Its huge success, particularly with law enforcement, but also with competition shooters and regular people for self-defense, means that there will always be support for .40 S&W, even if it takes a little time for companies to support .40 compared to 9mm Luger and .45 ACP.

Glock hasn’t released the pricing but there’s no reason to expect it to break from the rest of the Gen5 and Gen5 MOS listings. For more information about these pistols and more visit Glock online.

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About the author: Max Slowik is a writer with over a dozen years of experience and is a lifelong shooter. He has unwavering support for the Second Amendment and the human right to self-defense. His ambition is to follow Thomas Paine, as a journalist by profession and a propagandist by inclination.

{ 19 comments… add one }
  • JohnH November 18, 2020, 5:48 pm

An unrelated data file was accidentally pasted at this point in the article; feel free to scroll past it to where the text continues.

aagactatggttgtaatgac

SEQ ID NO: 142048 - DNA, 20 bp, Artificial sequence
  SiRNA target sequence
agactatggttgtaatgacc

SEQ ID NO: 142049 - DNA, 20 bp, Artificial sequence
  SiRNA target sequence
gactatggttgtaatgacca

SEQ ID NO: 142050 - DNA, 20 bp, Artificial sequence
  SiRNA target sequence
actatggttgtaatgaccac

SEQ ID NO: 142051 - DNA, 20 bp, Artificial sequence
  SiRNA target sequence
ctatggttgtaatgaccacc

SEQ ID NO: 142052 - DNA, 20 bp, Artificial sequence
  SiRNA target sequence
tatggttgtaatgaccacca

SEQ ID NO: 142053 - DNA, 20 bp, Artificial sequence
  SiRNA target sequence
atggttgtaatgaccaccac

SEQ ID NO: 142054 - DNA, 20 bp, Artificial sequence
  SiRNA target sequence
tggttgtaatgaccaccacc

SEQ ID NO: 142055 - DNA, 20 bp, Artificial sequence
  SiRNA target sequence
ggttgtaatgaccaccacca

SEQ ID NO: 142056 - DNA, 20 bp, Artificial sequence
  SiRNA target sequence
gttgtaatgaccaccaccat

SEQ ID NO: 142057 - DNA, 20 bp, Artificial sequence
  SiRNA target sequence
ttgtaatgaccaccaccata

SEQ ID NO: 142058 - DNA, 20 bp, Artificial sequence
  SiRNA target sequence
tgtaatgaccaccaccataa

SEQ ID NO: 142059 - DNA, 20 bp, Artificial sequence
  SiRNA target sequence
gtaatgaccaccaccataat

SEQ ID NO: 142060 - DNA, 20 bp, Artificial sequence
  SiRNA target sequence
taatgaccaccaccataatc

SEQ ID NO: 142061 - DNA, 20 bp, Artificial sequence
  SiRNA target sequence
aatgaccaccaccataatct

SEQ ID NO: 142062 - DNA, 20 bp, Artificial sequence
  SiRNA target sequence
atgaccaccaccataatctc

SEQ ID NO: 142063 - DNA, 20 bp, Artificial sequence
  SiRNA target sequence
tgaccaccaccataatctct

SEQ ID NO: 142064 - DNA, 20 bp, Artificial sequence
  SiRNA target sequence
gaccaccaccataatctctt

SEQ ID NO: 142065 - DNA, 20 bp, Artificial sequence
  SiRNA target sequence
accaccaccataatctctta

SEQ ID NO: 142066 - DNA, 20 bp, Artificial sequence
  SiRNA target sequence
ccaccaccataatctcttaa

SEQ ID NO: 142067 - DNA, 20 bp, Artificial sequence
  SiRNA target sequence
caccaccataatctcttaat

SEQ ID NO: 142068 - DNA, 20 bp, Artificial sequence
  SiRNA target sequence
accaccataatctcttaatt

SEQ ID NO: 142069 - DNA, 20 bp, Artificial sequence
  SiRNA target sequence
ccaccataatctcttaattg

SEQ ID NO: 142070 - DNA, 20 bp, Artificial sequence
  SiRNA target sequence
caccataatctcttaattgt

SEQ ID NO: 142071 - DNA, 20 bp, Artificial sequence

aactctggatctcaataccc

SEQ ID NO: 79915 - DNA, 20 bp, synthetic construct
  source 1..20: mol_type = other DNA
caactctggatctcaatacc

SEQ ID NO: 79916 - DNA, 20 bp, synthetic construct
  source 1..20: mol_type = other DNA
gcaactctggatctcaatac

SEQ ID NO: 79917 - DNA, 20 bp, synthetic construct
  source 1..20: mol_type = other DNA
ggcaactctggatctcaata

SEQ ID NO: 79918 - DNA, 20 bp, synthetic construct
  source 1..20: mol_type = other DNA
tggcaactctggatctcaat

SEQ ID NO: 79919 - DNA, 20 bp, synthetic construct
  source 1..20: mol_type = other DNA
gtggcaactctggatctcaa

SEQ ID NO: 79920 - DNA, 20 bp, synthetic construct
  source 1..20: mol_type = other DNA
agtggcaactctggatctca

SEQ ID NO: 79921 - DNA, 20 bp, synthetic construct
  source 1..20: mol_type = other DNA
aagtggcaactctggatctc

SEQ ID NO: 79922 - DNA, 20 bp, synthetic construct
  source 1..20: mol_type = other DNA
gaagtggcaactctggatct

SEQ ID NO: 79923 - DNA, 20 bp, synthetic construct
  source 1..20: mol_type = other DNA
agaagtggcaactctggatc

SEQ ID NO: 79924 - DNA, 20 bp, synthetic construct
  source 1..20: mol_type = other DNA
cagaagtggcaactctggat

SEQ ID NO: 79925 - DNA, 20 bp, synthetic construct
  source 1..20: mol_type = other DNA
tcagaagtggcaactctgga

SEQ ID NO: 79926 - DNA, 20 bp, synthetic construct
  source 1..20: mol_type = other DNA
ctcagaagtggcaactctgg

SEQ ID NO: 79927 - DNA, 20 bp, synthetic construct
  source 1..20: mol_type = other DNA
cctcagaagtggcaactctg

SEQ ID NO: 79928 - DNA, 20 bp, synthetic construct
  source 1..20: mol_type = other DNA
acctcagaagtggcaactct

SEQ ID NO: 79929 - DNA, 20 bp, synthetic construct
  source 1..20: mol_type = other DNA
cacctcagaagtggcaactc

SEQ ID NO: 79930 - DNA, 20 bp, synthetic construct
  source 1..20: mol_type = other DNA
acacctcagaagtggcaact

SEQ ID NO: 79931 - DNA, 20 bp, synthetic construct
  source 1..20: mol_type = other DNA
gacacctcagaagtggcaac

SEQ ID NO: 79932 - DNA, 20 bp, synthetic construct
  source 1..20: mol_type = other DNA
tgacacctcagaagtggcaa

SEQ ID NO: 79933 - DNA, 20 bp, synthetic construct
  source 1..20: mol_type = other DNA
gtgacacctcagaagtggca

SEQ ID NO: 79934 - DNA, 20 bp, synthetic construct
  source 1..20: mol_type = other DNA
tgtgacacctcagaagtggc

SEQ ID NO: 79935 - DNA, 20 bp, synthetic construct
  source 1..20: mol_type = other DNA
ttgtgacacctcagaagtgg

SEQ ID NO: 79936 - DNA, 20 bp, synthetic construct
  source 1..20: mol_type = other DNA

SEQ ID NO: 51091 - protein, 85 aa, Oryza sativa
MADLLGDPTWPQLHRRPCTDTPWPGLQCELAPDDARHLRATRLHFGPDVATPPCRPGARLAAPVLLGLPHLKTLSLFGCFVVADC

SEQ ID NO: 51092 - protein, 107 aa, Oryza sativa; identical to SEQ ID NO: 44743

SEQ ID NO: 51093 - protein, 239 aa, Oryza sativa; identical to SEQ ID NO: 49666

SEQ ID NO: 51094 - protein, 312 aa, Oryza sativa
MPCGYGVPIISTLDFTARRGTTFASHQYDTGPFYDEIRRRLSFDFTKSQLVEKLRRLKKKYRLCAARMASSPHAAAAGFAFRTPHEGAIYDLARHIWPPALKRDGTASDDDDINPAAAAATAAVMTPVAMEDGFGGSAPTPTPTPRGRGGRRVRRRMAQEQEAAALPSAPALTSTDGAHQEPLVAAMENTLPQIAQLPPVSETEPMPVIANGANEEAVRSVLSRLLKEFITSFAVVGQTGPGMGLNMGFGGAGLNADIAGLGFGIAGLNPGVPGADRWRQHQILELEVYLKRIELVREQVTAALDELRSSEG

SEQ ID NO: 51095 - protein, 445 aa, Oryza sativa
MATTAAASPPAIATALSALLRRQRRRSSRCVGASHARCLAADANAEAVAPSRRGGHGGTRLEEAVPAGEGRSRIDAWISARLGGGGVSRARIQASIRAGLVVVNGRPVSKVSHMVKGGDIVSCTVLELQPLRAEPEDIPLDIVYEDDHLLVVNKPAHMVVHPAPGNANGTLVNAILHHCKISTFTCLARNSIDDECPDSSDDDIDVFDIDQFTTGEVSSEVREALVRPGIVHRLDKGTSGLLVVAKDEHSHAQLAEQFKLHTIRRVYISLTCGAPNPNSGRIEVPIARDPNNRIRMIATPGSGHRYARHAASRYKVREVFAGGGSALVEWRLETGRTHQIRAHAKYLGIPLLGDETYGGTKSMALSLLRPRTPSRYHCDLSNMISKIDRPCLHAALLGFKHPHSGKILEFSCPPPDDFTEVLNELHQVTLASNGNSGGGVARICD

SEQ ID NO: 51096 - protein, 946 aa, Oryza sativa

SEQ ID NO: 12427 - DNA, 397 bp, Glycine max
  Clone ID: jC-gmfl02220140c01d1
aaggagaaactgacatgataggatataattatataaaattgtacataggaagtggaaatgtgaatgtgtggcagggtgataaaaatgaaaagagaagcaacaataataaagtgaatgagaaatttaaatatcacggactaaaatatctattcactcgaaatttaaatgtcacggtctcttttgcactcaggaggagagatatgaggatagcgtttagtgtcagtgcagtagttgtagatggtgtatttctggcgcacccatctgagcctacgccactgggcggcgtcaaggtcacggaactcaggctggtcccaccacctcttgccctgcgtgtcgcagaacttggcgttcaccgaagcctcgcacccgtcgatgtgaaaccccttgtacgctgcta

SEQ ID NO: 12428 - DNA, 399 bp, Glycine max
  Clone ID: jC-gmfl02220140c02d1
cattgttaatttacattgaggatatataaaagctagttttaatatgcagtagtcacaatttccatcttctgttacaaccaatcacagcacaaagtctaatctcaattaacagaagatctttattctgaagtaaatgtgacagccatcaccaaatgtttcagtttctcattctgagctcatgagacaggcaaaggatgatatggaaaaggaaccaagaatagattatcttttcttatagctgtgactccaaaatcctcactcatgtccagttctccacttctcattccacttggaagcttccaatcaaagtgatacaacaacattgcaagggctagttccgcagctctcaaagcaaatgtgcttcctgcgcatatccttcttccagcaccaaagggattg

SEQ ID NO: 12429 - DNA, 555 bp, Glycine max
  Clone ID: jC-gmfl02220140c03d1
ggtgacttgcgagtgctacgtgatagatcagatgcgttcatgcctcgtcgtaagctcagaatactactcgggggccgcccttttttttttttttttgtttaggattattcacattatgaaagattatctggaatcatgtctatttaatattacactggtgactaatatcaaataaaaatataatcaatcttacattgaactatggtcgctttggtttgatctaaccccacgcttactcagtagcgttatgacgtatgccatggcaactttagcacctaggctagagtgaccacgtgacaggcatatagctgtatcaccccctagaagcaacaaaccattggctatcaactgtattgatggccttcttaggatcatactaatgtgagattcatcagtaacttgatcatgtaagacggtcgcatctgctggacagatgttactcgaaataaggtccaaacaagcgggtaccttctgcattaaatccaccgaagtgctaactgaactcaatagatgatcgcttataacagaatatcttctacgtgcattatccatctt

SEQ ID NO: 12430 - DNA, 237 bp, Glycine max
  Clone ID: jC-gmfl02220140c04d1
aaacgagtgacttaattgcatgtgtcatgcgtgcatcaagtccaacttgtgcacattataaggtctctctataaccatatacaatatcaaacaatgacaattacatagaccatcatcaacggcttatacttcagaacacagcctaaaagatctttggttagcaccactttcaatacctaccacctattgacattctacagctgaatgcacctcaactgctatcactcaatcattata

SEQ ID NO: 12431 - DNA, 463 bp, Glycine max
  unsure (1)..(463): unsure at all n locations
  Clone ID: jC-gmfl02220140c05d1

I own almost every modern pistol and revolver caliber, all the 32s, 38 SW, 38Spl, .357, 9mm, 45ACP, 380, 32ACP, 44SPL, 44mag, 45Lc, but have never found a reason to buy a .40. Still can’t think of a reason.

  • Area52 November 10, 2020, 4:55 am

    My guess is they suspect a magazine limitation law coming. They producing the .40 SW so that they can make a full size gun with losing as many rounds in capacity as they would with 9MM. That is what gun manufacturers did in the 90s which is why the .40SW became popular then died after the magazine ban ended.

  • Jay November 7, 2020, 12:55 am

    I still have the Glock 23 I bought back about 95-96. I also have a G27 but rarely use it any more. Now, as one respondent said, I have both 9mm and .40 guns. In any emergency situation, I should be able to find one or the other if not both. But either way, I’ll have something that will still shoot.

    Why own a .40? I like the ‘stopping power’ of thee bigger calibers but, I also like the round counts of the 9mm. Ergo sum, enter the .40. If you load up a 9mm to .40 or .45 specs, you’re now shooting those out of a lighter gun meaning that, for most people at least, experiencing greater recoil than that from the larger caliber with its standard ammo. Yes, I can recover for a second shot with a 9mm but the difference is infinitesimal. The chance of any real difference in outcome is unlikely.

  • Mike Young November 6, 2020, 1:21 pm